Accelerated Reader             
                                                  
Mid-Year AR analysis 2016-2017
 
The results are based on the difference in results between the first test in October and the latest testing at the end of January. (A 3.5-month period including half-term & Christmas break).


Gap (Disadvantaged to non-disadvantaged students) October 2016

1 year 2 months

Gap (Disadvantaged to non-disadvantaged students) January 2017

1 year 1month

Average increase over 3.5 months by disadvantaged students

5 months

Average increase over 3.5 months by non- disadvantaged students

4 months

71% of disadvantaged students made an improvement. 59% of advantaged students made an improvement or maintained the highest possible reading age.
Attendance
The school appointed an internal Attendance Officer (from January 2016) to support attendance, particularly of Disadvantaged Students. As seen in the data below, the school attendance for PP was raised in 2016 and we strive to maintain this improvement.  A key focus for the Year 2017 will now be to improve the attendance of those identified as FSM.

 

 

2015

2016

2017

B4 Yr 11 Exams

Year End

B4 Yr 11 Exams

Year End

B4 Yr 11 Exams

Year End

Whole School

94.09%

89.90%

94.63%

91.39%

94.54%

 

Pupil Premium

84.44%

89.16%

90.58%

87.87%

90.30%

 

Non Pupil Premium

90.74%

94.85%

95.46%

92.10%

95.89%

 

FSM

86.62%

82.34%

86.76%

84.97%

86.31%

 

Non FSM

94.51%

90.33%

95.15%

91.82%

95.52%

 


Details and analysis of the impact of Pupil Premium (Disadvantaged Student) Spend 2015 - 2016

 

Pupil Premium Analysis 2015/16

Student profile based on KS2 (Y6) prior attainment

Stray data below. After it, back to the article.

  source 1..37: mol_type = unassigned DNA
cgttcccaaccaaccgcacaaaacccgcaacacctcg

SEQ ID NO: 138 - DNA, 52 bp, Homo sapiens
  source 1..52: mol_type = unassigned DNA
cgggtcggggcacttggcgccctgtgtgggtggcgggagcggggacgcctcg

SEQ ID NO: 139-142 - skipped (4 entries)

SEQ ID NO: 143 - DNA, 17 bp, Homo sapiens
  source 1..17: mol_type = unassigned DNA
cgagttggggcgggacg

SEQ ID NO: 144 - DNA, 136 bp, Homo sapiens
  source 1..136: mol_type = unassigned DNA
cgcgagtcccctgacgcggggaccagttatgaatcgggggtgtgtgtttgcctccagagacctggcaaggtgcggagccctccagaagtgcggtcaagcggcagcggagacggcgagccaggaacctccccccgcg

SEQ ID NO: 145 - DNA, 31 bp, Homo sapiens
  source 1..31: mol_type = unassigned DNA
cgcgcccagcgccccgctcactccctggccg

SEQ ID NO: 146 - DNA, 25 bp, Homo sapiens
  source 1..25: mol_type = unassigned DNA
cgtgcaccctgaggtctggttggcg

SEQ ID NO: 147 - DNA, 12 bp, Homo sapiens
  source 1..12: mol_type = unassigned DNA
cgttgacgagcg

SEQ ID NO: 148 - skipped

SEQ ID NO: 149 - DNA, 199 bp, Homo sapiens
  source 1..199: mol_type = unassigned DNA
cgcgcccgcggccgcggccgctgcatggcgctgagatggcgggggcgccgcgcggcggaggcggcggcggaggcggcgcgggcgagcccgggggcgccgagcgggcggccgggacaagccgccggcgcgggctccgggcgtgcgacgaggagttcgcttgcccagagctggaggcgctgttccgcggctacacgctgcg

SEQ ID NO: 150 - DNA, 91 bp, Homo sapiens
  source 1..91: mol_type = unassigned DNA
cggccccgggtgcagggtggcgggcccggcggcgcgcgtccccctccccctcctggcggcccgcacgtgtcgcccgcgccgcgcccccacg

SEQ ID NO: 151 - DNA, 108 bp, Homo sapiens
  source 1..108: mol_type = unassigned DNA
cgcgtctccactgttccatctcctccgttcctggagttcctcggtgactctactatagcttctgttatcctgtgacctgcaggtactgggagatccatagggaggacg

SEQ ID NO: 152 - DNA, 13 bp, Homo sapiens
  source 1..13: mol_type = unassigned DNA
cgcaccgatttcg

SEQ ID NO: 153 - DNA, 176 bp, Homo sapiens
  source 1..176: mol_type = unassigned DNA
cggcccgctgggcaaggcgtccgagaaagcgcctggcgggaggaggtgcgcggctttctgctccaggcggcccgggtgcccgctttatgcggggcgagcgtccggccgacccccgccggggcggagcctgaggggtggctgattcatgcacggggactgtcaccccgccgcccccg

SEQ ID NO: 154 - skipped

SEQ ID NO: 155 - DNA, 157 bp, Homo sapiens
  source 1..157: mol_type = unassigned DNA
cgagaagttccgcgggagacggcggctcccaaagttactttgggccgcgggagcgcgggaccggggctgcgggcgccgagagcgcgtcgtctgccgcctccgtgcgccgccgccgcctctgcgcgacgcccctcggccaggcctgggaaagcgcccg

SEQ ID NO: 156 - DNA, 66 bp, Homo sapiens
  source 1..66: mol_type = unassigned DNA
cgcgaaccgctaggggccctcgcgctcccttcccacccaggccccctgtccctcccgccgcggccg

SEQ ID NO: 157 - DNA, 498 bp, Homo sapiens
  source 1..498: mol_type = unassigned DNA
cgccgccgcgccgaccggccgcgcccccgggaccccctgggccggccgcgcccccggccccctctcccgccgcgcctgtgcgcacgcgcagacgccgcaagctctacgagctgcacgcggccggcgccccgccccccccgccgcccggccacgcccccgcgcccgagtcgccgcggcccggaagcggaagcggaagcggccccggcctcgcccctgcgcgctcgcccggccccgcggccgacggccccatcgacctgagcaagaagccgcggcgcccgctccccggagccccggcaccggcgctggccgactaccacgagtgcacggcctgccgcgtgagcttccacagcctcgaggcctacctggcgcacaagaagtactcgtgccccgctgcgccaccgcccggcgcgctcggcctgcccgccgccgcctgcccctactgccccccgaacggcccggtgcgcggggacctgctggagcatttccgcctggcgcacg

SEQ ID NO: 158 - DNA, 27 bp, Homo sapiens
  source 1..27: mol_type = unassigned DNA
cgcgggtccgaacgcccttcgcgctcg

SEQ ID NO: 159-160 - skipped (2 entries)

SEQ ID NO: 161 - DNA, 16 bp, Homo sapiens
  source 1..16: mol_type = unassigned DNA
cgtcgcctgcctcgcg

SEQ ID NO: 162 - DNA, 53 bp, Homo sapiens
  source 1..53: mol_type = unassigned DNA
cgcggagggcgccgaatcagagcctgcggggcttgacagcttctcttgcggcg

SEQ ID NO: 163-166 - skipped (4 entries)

Year

High Attainers

Middle Attainers

Low Attainers

9

3

17

5

10

3

9

4

11

2

10

1

Teaching Assistant Interventions
TA interventions focused on improving Core Skills in English and maths, using a mix of 1:1, small group and class interventions across Years 9 - 11. These were aimed at students working below target, in order to maximise progress.

Y9  75% of interventions resulted in students making progress from starting points, in 65% of interventions, increasing by a fine score (e.g. -2 to 2 or D- to D+).

Y10  79% of interventions resulted in students making progress from starting points. 38% of interventions increased by a fine score.

Y11  65% of interventions resulted in students making progress from starting points. 33% of interventions increased by a fine score.

 

Accelerated Reader                                                                  Y9                                 Y10

Gap (Disadvantaged to non-disadvantaged students) September 2015

1 year 2 months

1 year 4 months

Gap (Disadvantaged to non-disadvantaged students) June 2016

1 year 5 months*

1 year 2 months

Average increase over 9 months by Disadvantaged students

8 months

11 months

Average increase over 9 months by non- disadvantaged students

11 months*
(improved at faster rate than non-disadvantaged)

10 months

Average reading age data
Note - the mid-year reading test was changed by the provider and likely, therefore, to explain the reduced level of progress this year compared to previous years.
The gap in reading ages between Disadvantaged and non-Disadvantaged students closed in Y10 by 2 months, with an average increase in reading age of 11 months for Disadvantaged students over a 9 month period of the programme.
In Y9, the gap in reading ages between Disadvantaged and non-Disadvantaged students widened by 3 months. This was due to non-Disadvantaged students improving at a faster rate than Disadvantaged students over the 9 month period of the programme. Disadvantaged students improved by an average of 11 months (over 9 months) and Disadvantaged by an average of 8 months (over 9 months).